Void and Nil

Evie laughed to herself. It was just acting. Then again, she often did have trouble determining where she ended and someone else began. She wasn’t sure if this was a side-effect to acting, or to existing. Or if there was even a difference between the two.
When she searched herself, what she found was: she didn’t really care where she ended and someone else began, or vice-versa. She relished her loss of awareness when slipping into other personas. And whatever persona adopted, there wasn’t any genuine attachment, because she would be operating from a place of void. One was the same as the other as the other. None of them were her. And she wasn’t her. The void signed off on everything. In invisible ink.
With nesting doll instincts she dreamed she was someone else, and that someone dreamed they were someone else, and that someone didn’t dream at all. That someone was the last straw, the dreamless one, the tenant of emptiness.
You never come up against void. That never happens. You come up against your resistance to void, that’s what stops you, freezes you in your tracks. Void is something you pass right through. No doors, no barriers, no parameters, no anything. You glide right through on pixelated skates, and then realize, in ways that are both terrifying and liberating, the endlessness to emptiness. A form of self-mutiny occurs, and everyone you thought you were is thrown overboard and there are no life preservers. That is when you feel the ghost that you always were and always had been, that is when you become haunted by the tenuous proximity to your own ghost-life.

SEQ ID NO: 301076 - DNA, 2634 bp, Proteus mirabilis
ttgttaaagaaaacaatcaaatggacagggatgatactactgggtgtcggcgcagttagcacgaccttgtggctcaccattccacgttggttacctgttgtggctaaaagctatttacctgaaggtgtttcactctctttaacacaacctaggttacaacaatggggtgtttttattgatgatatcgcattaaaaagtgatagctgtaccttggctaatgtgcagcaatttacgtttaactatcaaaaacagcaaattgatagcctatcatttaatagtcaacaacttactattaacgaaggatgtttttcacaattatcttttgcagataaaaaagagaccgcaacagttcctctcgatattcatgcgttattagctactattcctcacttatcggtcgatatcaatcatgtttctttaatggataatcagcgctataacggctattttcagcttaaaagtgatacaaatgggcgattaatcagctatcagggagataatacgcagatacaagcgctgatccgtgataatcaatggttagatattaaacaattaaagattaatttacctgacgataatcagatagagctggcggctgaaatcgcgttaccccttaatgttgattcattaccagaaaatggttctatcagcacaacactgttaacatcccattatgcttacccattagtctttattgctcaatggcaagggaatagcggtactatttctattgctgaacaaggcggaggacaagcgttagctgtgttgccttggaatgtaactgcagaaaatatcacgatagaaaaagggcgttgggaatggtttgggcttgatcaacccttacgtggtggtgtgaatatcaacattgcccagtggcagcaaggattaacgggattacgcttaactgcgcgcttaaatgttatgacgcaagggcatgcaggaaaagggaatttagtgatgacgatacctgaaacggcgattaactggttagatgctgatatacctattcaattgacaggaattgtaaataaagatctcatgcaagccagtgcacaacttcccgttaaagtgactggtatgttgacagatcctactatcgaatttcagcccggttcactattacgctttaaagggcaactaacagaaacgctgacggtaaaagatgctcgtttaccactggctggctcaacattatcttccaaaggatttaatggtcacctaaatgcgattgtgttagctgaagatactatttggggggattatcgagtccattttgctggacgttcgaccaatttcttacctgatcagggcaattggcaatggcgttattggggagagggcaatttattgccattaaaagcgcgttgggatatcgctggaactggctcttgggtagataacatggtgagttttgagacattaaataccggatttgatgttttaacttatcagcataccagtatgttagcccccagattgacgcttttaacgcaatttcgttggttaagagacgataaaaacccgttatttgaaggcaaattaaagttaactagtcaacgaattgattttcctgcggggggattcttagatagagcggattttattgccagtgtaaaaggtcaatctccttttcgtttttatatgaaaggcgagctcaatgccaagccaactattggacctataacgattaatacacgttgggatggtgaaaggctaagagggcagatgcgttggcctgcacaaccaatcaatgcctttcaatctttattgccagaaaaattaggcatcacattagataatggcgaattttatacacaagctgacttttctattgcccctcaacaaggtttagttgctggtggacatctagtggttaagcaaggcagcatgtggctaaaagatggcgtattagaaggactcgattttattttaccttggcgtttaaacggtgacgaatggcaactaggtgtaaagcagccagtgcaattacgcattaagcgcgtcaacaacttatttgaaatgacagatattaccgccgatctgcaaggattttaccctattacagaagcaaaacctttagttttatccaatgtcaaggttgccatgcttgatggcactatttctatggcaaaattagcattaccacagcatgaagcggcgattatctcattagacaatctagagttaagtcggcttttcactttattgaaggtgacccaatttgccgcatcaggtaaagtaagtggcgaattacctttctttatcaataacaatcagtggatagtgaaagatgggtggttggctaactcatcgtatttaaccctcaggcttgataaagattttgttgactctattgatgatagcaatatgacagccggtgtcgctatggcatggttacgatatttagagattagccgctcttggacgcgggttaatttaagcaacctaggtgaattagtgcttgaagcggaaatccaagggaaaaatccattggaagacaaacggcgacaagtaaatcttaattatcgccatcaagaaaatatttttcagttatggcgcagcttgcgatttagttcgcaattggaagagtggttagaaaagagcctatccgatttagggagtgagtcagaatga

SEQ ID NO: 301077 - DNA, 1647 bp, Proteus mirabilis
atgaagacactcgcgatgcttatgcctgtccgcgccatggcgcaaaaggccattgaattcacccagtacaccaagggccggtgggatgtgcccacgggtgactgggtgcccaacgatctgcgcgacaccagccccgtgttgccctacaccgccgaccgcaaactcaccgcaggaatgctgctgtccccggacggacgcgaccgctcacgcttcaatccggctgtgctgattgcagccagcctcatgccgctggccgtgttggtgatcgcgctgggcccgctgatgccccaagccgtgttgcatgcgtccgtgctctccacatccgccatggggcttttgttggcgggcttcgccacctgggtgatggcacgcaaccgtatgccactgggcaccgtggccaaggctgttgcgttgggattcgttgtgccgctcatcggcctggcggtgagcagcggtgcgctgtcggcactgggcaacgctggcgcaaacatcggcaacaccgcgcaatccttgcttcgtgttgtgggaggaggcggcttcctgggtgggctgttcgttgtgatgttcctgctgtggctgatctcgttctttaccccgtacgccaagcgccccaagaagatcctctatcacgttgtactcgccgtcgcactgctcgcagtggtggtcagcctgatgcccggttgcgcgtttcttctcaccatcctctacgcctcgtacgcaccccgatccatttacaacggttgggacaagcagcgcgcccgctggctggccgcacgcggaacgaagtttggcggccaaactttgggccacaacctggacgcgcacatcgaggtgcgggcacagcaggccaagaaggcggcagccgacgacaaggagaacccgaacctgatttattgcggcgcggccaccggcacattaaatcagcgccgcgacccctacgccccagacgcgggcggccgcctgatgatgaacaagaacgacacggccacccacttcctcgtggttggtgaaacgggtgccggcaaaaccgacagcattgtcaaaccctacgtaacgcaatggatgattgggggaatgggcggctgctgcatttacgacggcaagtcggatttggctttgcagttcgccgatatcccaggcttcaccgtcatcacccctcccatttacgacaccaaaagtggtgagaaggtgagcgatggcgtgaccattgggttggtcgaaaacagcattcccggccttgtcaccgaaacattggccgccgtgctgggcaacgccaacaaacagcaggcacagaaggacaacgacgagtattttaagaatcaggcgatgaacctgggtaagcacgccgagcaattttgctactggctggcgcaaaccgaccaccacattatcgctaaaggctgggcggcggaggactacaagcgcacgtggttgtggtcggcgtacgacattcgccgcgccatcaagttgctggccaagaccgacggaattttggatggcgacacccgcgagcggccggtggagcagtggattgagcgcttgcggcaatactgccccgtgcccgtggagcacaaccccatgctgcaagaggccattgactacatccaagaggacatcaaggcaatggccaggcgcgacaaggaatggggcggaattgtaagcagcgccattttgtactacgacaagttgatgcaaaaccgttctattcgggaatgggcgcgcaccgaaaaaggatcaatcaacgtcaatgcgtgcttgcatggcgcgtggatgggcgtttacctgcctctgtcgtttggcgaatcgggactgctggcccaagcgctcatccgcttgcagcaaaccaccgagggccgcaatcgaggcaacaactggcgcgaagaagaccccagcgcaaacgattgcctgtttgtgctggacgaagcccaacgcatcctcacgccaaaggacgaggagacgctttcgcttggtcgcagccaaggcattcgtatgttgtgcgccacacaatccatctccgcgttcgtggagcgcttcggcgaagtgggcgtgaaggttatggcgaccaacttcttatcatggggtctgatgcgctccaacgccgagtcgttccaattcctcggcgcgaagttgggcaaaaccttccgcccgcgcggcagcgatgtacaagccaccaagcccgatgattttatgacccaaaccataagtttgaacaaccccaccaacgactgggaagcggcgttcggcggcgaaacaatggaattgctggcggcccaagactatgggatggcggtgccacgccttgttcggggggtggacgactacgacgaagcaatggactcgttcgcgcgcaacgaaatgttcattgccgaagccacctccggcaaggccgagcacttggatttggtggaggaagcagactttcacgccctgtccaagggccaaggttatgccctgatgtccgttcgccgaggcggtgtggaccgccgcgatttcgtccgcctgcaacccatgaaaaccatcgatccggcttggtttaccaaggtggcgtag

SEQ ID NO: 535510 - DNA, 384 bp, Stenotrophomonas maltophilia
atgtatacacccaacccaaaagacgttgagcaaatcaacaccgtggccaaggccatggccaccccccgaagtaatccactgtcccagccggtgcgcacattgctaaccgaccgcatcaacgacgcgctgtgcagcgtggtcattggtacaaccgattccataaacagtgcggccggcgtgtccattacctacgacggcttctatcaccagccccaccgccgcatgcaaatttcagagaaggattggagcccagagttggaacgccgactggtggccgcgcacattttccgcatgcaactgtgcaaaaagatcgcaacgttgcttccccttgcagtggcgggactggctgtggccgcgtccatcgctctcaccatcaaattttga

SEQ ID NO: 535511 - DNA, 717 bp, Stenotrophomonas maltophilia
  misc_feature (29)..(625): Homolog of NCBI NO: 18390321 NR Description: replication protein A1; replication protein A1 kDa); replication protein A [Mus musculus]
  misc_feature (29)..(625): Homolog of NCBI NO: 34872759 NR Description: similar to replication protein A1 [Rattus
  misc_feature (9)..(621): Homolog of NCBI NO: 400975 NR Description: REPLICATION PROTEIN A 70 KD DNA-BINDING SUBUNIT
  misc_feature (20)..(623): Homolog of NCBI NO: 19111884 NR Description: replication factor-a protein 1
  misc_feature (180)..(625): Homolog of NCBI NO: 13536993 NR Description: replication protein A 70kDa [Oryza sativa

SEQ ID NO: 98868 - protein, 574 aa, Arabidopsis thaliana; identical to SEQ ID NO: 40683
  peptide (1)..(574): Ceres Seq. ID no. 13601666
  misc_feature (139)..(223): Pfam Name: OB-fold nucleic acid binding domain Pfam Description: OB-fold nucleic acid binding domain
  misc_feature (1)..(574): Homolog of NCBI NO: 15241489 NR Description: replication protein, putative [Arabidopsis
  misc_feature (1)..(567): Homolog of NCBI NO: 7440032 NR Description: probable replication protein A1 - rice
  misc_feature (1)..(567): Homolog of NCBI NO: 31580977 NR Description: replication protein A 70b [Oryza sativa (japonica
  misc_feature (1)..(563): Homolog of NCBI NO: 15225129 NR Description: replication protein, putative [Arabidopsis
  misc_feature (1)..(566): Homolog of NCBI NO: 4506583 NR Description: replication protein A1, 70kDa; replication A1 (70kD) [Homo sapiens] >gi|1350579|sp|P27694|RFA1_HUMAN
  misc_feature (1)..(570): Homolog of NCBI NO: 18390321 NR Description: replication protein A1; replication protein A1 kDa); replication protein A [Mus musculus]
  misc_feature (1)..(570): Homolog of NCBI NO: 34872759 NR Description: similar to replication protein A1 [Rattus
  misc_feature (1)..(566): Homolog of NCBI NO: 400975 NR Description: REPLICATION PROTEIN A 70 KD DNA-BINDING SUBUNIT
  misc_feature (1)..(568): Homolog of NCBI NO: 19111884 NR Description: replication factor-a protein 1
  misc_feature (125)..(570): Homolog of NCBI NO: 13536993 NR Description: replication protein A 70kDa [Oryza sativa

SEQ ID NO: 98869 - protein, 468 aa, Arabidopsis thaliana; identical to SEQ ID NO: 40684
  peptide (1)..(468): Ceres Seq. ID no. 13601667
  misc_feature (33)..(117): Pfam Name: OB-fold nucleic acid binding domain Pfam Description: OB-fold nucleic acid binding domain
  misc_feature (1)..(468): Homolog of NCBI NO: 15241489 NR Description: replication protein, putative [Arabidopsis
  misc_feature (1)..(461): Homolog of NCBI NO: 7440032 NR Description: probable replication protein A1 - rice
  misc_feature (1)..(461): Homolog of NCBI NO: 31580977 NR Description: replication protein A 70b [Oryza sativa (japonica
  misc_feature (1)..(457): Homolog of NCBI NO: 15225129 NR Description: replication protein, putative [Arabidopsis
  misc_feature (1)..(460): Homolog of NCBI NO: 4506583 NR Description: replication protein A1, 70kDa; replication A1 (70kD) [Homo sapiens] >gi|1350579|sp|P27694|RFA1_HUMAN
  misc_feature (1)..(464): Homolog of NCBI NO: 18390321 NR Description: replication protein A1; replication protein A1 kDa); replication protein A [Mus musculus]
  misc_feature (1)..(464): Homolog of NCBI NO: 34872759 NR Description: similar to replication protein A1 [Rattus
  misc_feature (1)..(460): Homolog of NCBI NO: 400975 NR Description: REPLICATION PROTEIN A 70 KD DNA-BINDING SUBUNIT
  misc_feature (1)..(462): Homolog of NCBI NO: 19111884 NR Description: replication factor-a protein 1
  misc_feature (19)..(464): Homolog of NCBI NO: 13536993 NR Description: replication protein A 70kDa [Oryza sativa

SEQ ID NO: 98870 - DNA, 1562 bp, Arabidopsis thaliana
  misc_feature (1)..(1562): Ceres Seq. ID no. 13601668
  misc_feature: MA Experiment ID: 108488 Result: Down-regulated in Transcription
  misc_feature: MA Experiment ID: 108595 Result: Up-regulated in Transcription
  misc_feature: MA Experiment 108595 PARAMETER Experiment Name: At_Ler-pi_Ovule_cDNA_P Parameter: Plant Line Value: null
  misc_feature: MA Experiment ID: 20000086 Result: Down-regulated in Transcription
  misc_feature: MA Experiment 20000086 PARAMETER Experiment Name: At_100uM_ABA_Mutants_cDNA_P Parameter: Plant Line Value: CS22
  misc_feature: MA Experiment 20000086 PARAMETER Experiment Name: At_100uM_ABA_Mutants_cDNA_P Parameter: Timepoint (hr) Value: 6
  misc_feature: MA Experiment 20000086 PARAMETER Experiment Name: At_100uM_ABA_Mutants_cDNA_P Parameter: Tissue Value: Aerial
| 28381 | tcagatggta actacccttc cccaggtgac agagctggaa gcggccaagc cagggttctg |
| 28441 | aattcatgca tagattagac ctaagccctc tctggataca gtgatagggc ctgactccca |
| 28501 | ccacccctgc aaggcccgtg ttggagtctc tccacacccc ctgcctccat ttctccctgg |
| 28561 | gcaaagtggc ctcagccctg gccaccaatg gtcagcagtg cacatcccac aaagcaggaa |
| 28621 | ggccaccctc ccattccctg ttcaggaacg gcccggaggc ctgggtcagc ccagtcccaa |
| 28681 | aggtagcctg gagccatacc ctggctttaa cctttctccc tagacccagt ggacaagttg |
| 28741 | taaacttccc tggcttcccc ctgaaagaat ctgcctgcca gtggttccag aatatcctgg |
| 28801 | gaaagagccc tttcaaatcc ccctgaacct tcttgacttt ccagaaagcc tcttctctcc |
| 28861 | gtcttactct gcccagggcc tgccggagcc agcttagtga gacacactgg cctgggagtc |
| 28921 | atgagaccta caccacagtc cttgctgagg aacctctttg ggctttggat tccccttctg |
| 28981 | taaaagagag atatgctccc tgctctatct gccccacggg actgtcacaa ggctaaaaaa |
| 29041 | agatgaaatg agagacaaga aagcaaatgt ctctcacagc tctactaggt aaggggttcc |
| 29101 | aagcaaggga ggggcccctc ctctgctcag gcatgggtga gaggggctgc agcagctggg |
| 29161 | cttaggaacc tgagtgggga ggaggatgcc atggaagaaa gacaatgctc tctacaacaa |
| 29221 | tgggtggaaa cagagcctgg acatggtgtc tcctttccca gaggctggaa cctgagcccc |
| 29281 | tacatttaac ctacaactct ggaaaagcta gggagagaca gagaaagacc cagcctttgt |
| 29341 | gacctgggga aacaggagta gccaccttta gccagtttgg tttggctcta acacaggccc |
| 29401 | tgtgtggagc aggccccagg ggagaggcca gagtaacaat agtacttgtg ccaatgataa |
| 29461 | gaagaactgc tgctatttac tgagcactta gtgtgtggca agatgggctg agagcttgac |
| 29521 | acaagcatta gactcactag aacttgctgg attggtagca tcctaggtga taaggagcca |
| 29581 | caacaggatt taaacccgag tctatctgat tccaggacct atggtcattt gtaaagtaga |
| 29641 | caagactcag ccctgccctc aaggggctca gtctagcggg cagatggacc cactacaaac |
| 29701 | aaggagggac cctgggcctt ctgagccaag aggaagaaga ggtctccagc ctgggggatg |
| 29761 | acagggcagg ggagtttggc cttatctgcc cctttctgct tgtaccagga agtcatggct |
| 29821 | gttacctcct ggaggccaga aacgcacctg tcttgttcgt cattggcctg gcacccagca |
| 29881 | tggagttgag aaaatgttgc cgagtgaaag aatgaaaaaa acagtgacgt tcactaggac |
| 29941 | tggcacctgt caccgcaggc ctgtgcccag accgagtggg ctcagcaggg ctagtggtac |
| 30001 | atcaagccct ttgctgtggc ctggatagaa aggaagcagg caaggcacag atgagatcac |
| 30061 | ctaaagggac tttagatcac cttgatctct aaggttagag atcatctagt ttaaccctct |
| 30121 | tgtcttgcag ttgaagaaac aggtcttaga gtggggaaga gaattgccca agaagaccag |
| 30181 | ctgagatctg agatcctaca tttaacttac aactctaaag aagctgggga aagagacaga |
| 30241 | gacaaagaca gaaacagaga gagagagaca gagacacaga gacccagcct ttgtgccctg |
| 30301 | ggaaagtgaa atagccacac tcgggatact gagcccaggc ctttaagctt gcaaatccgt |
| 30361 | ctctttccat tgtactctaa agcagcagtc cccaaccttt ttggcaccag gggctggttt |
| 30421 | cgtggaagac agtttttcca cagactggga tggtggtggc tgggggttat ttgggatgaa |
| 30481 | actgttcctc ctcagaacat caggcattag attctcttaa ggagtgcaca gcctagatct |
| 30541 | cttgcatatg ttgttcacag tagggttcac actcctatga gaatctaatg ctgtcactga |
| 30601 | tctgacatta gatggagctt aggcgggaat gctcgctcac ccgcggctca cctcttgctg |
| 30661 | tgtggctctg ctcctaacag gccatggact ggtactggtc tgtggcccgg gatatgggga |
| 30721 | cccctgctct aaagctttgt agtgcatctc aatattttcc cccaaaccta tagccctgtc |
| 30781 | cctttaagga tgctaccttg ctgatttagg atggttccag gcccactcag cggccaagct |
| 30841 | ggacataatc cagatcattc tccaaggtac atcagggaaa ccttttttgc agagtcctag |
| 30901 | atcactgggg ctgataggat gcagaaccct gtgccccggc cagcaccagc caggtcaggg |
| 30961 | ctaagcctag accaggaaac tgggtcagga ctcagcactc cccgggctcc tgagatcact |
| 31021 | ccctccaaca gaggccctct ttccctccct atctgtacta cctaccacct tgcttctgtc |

Evie knew from a relatively young age that others could sense the void in her, and they swarmed like frenzied moths to its glaring white absence. People were magnetically drawn to Evie’s void, because it was easy to project into. There was nothing there. They could simultaneously confront and evade, look into and turn away from their own voids, by allowing themselves to pool inside of Evie’s secret two-way mirror.

(Image by Heather Ross)

About John Biscello

Originally from Brooklyn, NY, writer, poet, spoken word performer, and playwright, John Biscello now lives in Taos, New Mexico. He is the author of three novels: Broken Land, a Brooklyn Tale, Raking the Dust, and Nocturne Variations, and a collection of stories, Freeze Tag. His fiction and poetry has appeared in: Art Times, nthposition, The Wanderlust Review, Ophelia Street, Caper, Polyphony, Dilate, Militant Roger, Chokecherries, Farmhouse, BENT, The 555 Collective, Instigator, Brass Sopaipilla, The Iconoclast, Adobe Walls, Kansas City Voices, and the Tishman Review. His blog--Notes of an Urban Stray--can be read at johnbiscello.blogspot.com. Broken Land, a Brooklyn Tale was named Underground Book Reviews 2014 Book of the Year.
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